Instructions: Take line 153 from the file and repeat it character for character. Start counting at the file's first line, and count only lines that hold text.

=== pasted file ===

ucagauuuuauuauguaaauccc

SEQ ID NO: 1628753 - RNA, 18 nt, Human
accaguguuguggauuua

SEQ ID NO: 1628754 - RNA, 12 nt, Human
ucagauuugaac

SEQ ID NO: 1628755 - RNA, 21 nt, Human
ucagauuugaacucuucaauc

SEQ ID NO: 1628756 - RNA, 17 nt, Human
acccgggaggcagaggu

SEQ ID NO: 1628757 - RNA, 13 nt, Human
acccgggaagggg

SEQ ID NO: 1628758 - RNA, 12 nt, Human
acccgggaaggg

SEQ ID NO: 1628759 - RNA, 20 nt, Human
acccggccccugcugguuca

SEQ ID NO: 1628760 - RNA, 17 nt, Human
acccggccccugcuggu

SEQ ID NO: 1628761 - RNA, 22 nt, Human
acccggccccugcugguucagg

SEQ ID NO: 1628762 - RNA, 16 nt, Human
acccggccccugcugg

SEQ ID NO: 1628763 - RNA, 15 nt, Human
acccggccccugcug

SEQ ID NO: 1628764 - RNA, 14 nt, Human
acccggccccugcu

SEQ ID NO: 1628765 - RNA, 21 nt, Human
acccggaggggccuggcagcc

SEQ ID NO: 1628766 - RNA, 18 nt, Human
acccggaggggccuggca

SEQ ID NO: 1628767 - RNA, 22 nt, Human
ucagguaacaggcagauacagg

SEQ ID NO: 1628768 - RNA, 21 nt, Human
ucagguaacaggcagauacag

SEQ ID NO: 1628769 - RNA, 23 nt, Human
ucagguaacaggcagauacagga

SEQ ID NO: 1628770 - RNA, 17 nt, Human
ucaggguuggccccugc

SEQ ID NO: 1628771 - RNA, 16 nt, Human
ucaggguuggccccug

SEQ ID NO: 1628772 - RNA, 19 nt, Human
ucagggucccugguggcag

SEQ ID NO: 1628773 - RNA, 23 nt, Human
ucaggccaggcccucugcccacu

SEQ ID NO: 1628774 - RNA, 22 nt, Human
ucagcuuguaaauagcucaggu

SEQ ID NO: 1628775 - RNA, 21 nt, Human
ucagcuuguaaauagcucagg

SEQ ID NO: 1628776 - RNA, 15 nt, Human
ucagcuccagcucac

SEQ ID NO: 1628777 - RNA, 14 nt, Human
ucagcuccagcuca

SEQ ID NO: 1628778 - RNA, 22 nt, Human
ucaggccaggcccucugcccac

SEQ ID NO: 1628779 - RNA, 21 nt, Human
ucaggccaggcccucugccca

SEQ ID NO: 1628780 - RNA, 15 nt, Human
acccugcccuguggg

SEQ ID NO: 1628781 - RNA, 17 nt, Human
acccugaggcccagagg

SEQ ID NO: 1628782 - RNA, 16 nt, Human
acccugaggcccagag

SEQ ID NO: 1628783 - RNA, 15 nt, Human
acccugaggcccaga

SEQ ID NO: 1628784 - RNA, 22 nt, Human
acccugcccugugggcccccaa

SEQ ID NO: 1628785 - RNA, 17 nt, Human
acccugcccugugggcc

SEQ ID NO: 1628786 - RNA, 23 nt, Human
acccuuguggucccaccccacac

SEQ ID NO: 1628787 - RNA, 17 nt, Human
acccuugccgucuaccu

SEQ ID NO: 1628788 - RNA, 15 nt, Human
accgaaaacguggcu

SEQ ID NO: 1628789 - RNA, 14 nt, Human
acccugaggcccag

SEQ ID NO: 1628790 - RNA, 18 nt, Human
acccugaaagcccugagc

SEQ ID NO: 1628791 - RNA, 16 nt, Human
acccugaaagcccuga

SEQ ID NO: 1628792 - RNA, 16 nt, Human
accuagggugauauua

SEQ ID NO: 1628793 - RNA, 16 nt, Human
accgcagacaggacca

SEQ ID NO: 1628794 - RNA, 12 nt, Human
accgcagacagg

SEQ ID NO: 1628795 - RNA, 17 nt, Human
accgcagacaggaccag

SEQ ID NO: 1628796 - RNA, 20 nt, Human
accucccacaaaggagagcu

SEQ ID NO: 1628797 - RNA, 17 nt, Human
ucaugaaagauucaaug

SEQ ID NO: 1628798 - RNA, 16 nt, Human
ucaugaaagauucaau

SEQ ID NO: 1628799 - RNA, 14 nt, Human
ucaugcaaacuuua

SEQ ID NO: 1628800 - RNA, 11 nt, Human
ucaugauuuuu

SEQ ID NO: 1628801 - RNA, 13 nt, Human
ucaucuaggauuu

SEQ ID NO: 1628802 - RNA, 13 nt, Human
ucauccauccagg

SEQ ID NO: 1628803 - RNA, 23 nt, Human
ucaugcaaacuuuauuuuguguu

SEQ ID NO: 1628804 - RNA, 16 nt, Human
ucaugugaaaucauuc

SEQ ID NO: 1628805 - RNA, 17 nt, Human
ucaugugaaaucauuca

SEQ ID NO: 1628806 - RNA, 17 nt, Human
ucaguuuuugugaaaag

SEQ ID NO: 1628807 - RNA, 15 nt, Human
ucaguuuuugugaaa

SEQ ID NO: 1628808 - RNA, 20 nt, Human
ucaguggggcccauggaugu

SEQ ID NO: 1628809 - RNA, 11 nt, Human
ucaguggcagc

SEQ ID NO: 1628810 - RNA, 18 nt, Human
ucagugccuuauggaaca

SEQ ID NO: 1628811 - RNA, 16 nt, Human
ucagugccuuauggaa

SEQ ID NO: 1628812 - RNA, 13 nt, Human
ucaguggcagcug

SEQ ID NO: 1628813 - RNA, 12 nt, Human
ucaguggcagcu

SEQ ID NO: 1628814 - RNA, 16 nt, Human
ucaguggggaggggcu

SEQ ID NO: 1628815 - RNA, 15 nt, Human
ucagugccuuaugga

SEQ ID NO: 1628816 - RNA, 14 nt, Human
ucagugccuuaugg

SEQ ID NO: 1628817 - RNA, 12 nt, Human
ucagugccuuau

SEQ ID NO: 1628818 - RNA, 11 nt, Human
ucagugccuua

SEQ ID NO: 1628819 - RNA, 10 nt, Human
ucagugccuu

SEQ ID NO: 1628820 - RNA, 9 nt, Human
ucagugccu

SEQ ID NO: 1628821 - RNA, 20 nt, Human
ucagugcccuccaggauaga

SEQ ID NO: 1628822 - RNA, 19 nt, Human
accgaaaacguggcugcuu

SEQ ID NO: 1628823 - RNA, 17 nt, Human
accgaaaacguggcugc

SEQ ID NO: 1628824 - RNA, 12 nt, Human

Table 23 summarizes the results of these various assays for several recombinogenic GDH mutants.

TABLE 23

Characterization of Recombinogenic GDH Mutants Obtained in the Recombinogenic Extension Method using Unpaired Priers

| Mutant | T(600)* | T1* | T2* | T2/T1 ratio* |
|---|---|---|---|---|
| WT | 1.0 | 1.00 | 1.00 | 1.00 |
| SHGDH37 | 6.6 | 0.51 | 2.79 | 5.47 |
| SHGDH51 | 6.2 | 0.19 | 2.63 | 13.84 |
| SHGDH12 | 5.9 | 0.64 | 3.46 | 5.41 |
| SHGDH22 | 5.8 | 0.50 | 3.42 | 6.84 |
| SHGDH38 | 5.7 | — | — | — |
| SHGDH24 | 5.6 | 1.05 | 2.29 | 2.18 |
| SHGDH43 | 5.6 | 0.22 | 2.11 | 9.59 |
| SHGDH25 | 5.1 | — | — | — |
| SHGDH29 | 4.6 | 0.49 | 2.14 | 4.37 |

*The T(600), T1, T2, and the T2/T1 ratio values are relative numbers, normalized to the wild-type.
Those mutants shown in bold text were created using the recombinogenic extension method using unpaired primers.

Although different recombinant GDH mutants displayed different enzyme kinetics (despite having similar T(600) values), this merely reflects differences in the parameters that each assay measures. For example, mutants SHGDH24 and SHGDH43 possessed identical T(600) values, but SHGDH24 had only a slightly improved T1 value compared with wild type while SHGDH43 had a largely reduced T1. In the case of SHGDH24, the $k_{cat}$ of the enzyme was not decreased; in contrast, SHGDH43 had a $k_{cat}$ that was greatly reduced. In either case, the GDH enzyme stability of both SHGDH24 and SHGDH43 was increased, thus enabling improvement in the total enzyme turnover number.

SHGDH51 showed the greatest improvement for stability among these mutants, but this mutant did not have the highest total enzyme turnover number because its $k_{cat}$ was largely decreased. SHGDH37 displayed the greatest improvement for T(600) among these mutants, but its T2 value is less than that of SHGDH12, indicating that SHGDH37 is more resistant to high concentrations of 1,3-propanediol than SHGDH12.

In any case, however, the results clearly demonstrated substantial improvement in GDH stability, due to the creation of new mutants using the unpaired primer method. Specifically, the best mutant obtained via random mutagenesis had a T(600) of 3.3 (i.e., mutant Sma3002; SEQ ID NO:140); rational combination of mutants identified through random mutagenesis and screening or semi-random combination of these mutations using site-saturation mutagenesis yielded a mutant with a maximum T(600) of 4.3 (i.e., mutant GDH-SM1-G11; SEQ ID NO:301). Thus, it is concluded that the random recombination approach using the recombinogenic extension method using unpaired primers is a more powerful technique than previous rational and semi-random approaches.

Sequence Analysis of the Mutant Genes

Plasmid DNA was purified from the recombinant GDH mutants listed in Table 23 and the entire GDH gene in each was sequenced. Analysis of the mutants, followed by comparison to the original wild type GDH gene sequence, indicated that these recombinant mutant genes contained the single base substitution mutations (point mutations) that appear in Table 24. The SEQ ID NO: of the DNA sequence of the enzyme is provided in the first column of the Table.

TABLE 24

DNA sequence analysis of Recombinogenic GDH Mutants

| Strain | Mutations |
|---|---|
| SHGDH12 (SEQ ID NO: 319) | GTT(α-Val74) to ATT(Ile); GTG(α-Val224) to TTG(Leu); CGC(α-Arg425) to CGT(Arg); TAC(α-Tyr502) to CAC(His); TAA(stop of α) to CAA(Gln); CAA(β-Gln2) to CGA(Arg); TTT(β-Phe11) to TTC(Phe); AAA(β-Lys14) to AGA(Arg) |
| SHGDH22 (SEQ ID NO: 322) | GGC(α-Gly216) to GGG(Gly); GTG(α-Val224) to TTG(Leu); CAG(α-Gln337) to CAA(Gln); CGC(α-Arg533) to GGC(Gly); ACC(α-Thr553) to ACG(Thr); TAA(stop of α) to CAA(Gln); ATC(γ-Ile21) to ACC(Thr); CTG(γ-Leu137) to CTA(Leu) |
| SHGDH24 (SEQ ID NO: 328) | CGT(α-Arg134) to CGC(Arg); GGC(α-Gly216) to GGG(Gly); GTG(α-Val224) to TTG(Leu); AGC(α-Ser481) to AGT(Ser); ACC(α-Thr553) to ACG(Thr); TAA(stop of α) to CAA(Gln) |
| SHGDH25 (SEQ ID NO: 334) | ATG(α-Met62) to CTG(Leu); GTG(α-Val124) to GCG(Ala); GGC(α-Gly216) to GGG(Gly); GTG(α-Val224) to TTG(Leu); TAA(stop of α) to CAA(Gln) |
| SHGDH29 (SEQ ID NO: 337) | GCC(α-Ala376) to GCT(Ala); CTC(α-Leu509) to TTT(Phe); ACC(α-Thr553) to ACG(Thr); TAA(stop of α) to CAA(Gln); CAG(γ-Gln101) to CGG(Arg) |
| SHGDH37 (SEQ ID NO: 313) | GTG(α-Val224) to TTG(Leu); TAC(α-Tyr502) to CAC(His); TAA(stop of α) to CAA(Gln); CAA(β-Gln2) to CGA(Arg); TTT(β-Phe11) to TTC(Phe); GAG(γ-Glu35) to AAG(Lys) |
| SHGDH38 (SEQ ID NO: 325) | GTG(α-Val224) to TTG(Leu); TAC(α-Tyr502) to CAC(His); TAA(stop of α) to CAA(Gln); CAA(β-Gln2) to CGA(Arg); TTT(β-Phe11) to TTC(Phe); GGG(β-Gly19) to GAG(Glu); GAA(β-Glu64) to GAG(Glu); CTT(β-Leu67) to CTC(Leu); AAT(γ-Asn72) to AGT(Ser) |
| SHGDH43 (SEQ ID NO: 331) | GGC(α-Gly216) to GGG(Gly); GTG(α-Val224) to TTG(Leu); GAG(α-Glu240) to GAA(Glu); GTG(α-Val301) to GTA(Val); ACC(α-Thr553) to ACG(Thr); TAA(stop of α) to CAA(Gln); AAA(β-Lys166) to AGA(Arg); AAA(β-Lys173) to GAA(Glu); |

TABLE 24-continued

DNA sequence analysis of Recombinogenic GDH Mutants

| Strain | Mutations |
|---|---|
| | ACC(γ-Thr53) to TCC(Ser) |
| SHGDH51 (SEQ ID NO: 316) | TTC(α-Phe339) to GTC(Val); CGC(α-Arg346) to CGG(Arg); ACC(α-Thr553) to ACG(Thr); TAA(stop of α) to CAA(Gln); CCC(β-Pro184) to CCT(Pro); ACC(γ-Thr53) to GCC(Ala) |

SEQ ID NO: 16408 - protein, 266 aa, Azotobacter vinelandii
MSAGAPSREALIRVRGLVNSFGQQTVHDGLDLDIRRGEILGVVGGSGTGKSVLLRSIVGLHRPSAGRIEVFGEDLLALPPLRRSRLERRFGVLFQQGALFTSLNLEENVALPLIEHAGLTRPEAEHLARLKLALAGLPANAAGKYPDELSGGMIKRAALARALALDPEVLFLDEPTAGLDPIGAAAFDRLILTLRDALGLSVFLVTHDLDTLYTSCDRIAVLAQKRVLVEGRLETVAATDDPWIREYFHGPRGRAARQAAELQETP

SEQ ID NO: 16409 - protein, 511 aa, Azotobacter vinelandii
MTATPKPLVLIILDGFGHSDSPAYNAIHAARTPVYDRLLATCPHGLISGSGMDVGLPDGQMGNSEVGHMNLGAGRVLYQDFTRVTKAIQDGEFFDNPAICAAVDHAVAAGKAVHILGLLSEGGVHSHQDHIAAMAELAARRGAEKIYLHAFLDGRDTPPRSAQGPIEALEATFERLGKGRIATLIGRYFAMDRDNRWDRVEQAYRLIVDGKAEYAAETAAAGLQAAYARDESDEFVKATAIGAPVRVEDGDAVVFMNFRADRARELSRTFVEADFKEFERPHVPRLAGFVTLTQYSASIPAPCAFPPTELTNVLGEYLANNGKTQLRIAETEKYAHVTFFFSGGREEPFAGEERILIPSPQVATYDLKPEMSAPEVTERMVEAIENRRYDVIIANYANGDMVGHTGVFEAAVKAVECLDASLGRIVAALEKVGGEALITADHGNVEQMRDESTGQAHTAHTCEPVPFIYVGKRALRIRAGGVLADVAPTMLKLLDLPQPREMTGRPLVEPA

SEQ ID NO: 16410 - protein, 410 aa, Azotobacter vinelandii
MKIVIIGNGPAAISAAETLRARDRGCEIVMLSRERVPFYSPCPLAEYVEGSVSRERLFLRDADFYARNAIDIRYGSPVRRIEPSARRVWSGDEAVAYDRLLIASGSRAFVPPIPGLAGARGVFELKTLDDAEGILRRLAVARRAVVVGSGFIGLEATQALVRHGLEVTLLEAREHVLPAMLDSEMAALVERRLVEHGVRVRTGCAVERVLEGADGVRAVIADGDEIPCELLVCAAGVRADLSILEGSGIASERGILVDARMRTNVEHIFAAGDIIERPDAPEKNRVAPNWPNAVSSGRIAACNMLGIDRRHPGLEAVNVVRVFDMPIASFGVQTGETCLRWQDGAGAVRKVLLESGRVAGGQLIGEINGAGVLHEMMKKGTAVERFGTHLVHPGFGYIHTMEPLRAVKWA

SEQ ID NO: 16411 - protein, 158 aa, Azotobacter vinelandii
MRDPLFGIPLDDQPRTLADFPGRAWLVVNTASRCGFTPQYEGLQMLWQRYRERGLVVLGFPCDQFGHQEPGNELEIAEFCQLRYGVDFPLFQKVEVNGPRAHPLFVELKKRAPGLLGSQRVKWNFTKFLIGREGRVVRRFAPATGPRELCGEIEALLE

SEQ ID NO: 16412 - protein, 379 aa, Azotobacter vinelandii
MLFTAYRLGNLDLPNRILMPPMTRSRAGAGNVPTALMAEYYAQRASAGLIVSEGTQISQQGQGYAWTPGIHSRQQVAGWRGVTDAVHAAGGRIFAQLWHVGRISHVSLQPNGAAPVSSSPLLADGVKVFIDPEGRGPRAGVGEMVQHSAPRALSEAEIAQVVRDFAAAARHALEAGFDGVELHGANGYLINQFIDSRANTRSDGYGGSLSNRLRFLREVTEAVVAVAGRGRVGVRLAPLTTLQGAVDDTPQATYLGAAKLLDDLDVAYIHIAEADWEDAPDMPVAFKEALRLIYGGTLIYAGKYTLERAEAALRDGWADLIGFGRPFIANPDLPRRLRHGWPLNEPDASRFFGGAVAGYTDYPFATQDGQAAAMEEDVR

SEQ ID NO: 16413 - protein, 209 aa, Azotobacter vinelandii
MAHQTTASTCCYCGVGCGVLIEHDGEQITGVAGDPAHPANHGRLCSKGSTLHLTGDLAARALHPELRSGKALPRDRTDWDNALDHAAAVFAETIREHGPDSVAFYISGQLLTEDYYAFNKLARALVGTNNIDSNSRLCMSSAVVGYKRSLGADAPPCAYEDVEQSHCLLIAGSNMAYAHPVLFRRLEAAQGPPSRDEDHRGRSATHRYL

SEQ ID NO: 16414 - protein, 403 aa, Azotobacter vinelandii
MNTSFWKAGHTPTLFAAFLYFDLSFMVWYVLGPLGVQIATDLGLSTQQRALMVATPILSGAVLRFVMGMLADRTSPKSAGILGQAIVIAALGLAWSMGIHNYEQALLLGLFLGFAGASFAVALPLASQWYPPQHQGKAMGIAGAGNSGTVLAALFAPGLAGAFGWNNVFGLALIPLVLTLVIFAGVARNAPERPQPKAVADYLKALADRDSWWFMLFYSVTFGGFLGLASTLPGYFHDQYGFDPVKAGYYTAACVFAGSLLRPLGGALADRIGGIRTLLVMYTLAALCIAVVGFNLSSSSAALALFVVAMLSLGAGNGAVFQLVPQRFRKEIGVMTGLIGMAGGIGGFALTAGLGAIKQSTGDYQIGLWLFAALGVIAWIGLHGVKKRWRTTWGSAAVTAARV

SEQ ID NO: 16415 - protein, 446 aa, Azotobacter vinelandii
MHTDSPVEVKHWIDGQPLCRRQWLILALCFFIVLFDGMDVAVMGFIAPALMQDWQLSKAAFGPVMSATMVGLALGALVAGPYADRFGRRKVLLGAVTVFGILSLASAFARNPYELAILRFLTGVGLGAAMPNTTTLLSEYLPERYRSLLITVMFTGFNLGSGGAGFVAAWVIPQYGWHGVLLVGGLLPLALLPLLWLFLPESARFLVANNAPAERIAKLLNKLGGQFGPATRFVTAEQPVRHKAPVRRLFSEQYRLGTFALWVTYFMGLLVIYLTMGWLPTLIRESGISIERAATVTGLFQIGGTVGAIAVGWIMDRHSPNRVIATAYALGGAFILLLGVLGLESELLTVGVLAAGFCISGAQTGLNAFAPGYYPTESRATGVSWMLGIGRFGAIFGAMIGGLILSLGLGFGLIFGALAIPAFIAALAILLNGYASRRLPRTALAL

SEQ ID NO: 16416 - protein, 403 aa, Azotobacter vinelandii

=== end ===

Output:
| SHGDH12 | 5.9 | 0.64 | 3.46 | 5.41 |